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Trump budget threatens Baltimore poverty programs

Midnight on July 1 rang in what local government folks call the new fiscal year. And even if some Baltimore finance nerds celebrated the start of a government's new spending plan, they had fewer reasons to rejoice about fiscal year 2018.

That's because it could be the last for the approximately $3 billion in federal Community Development Block Grant funds. President Donald Trump has proposed eliminating the four-decade-old program, known as CDBG, from the U.S. Department of Housing and Urban Development's budget.

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For Baltimore that could mean a loss of $19 million for programs that help the city's poorest residents. Nearly $8 million has been approved for 61 nonprofits that provide programs that include literacy education, job training, early child care and home ownership counseling.

HUD allocated the requested funding for the current year but Trump's budget for next year calls for eliminating the program.

"Since 1980, and most recently in 2013, HUD studies found that CDBG is increasingly not well targeted to the poorest communities and has not demonstrated a measurable impact on communities," a HUD statement explained.

The proposed cuts threaten $1.2 million the city uses to board-up vacant structures deemed to be a threat to public safety; $625,000 for employment and academic skills training provided by Living Classrooms Foundation; and $500,000 for after-school programs administered by the Family League of Baltimore; and $240,000 for housing rehabilitation conducted by Habitat for Humanity of the Chesapeake.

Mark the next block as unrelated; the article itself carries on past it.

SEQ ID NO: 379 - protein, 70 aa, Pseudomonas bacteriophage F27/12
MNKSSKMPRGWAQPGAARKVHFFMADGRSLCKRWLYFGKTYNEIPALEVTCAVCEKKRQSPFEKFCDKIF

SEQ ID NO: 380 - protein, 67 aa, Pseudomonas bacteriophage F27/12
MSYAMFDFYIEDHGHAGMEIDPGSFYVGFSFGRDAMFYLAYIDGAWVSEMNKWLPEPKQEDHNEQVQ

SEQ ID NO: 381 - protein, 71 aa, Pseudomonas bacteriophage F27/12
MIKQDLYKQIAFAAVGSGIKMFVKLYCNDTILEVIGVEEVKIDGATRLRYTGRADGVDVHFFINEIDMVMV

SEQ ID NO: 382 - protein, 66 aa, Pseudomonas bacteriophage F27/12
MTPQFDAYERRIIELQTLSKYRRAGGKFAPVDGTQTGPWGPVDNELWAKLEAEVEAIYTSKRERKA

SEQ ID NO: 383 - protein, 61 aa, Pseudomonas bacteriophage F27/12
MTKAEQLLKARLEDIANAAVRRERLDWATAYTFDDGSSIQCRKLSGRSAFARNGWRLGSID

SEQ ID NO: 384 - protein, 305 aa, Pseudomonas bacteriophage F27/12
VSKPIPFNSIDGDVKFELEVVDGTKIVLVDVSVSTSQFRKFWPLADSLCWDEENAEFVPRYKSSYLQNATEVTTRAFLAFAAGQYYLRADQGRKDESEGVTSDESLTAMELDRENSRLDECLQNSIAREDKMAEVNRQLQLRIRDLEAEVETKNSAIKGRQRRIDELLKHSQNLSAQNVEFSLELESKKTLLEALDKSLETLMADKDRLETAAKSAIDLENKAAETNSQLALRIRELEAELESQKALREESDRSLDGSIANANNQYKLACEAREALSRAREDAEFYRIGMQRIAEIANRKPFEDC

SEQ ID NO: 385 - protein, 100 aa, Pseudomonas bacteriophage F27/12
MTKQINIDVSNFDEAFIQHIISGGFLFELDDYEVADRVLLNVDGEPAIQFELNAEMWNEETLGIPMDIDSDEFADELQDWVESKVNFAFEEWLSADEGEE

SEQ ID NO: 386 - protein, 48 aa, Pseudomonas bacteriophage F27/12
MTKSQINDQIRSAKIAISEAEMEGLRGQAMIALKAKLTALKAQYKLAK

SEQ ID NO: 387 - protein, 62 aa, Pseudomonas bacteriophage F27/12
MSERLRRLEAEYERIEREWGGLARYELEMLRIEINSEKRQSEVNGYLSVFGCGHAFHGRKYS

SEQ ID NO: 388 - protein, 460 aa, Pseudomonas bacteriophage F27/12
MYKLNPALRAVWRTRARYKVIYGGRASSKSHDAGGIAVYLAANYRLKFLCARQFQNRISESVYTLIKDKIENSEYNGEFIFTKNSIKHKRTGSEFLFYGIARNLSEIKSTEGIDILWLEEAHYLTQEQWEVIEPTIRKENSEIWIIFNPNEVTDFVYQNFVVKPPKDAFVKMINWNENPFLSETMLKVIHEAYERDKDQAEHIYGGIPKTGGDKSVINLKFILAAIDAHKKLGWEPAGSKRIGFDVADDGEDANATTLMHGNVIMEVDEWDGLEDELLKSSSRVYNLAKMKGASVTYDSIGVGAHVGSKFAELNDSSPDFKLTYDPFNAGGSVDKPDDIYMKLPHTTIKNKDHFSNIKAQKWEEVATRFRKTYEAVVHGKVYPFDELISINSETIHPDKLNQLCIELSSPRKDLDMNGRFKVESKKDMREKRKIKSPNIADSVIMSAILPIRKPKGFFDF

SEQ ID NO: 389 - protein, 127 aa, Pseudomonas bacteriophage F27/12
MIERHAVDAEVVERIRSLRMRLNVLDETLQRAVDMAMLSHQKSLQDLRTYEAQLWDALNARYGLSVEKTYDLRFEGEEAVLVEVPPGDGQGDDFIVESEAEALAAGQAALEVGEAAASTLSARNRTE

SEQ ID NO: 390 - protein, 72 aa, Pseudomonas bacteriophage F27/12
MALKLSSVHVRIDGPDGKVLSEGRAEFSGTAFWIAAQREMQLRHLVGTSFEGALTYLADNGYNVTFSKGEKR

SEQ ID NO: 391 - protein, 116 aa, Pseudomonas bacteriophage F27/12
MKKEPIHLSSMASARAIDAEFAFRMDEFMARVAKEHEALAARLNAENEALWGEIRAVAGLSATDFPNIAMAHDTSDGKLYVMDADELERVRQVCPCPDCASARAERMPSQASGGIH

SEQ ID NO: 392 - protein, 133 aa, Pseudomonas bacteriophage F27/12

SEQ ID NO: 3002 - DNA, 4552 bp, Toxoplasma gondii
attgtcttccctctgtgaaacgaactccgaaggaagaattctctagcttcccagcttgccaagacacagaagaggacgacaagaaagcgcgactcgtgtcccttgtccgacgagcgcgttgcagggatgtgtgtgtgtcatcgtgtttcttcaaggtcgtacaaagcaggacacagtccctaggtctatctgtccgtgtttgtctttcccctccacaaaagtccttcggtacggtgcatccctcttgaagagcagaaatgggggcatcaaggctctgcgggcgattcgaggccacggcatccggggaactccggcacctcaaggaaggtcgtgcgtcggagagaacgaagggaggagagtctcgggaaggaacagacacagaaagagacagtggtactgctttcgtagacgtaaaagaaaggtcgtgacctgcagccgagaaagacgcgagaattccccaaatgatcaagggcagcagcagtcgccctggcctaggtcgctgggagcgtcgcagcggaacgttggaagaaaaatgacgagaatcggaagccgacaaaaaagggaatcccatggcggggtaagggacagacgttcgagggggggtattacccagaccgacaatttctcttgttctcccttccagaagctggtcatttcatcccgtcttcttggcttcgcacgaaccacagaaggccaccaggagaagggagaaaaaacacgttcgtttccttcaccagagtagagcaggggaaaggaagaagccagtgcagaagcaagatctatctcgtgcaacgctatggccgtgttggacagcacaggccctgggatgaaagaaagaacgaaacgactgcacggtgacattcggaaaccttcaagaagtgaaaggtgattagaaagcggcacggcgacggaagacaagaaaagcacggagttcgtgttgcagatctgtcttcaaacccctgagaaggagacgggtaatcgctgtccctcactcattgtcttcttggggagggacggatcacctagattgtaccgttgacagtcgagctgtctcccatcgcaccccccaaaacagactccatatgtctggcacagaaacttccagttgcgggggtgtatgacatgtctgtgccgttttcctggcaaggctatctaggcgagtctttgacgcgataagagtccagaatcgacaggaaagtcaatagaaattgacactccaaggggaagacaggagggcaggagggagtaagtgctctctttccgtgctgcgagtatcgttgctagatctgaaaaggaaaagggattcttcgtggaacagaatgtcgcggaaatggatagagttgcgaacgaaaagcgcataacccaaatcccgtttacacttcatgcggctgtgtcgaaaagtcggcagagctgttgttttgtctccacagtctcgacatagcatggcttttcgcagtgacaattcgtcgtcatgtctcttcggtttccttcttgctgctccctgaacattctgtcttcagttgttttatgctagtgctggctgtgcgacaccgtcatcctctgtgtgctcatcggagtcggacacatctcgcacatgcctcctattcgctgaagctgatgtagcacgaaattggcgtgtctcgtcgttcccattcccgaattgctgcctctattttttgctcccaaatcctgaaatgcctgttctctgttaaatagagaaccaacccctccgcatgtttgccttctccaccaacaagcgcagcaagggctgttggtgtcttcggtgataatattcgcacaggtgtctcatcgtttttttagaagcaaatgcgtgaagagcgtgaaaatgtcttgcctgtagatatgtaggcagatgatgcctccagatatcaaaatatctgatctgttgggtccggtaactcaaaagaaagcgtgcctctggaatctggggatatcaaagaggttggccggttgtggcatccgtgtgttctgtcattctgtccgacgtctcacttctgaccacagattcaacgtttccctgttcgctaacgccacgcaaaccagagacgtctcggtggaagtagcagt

"We have not heard this kind of rhetoric around CDBG funding before," said James Piper Bond, chief executive of Living Classrooms Foundation. "This would have a significant impact on what Living Classrooms is doing in the community, especially with helping people toward self sufficiency coming out of public housing."

The organization also helps city residents returning from incarceration to earn a wage while learning jobs skills.

"We're OK for now," Bond added. But, he said, the cuts would have "serious impact" on the city and the group, which leverages the federal money to attract matching private donations.

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